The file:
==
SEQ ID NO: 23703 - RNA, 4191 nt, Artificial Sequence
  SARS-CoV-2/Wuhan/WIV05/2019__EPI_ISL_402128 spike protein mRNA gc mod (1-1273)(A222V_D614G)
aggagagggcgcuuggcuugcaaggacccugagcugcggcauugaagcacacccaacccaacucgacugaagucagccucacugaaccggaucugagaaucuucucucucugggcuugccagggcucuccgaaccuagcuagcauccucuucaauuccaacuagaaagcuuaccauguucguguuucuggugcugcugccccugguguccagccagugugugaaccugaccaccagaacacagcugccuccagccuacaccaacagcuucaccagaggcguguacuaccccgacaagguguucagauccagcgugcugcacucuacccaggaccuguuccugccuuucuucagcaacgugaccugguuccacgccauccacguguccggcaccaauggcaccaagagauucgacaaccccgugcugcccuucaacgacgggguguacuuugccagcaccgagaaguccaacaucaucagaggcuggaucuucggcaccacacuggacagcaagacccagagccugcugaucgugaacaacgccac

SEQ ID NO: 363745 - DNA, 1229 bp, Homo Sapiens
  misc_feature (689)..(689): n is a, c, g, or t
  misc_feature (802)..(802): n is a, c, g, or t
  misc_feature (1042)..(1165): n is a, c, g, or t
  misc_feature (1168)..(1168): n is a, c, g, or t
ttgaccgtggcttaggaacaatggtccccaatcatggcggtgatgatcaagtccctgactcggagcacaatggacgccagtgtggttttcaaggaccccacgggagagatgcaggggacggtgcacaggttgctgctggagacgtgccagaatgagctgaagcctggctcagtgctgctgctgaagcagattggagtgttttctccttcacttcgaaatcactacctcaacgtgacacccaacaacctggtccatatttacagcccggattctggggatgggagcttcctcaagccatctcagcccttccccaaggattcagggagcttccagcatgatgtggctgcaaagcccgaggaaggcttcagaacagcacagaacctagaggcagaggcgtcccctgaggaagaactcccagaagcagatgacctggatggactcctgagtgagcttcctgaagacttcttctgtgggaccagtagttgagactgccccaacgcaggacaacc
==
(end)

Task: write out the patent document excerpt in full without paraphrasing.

SEQ ID NO: 23703 - RNA, 4191 nt, Artificial Sequence
  SARS-CoV-2/Wuhan/WIV05/2019__EPI_ISL_402128 spike protein mRNA gc mod (1-1273)(A222V_D614G)
aggagagggcgcuuggcuugcaaggacccugagcugcggcauugaagcacacccaacccaacucgacugaagucagccucacugaaccggaucugagaaucuucucucucugggcuugccagggcucuccgaaccuagcuagcauccucuucaauuccaacuagaaagcuuaccauguucguguuucuggugcugcugccccugguguccagccagugugugaaccugaccaccagaacacagcugccuccagccuacaccaacagcuucaccagaggcguguacuaccccgacaagguguucagauccagcgugcugcacucuacccaggaccuguuccugccuuucuucagcaacgugaccugguuccacgccauccacguguccggcaccaauggcaccaagagauucgacaaccccgugcugcccuucaacgacgggguguacuuugccagcaccgagaaguccaacaucaucagaggcuggaucuucggcaccacacuggacagcaagacccagagccugcugaucgugaacaacgccac

SEQ ID NO: 363745 - DNA, 1229 bp, Homo Sapiens
  misc_feature (689)..(689): n is a, c, g, or t
  misc_feature (802)..(802): n is a, c, g, or t
  misc_feature (1042)..(1165): n is a, c, g, or t
  misc_feature (1168)..(1168): n is a, c, g, or t
ttgaccgtggcttaggaacaatggtccccaatcatggcggtgatgatcaagtccctgactcggagcacaatggacgccagtgtggttttcaaggaccccacgggagagatgcaggggacggtgcacaggttgctgctggagacgtgccagaatgagctgaagcctggctcagtgctgctgctgaagcagattggagtgttttctccttcacttcgaaatcactacctcaacgtgacacccaacaacctggtccatatttacagcccggattctggggatgggagcttcctcaagccatctcagcccttccccaaggattcagggagcttccagcatgatgtggctgcaaagcccgaggaaggcttcagaacagcacagaacctagaggcagaggcgtcccctgaggaagaactcccagaagcagatgacctggatggactcctgagtgagcttcctgaagacttcttctgtgggaccagtagttgagactgccccaacgcaggacaacc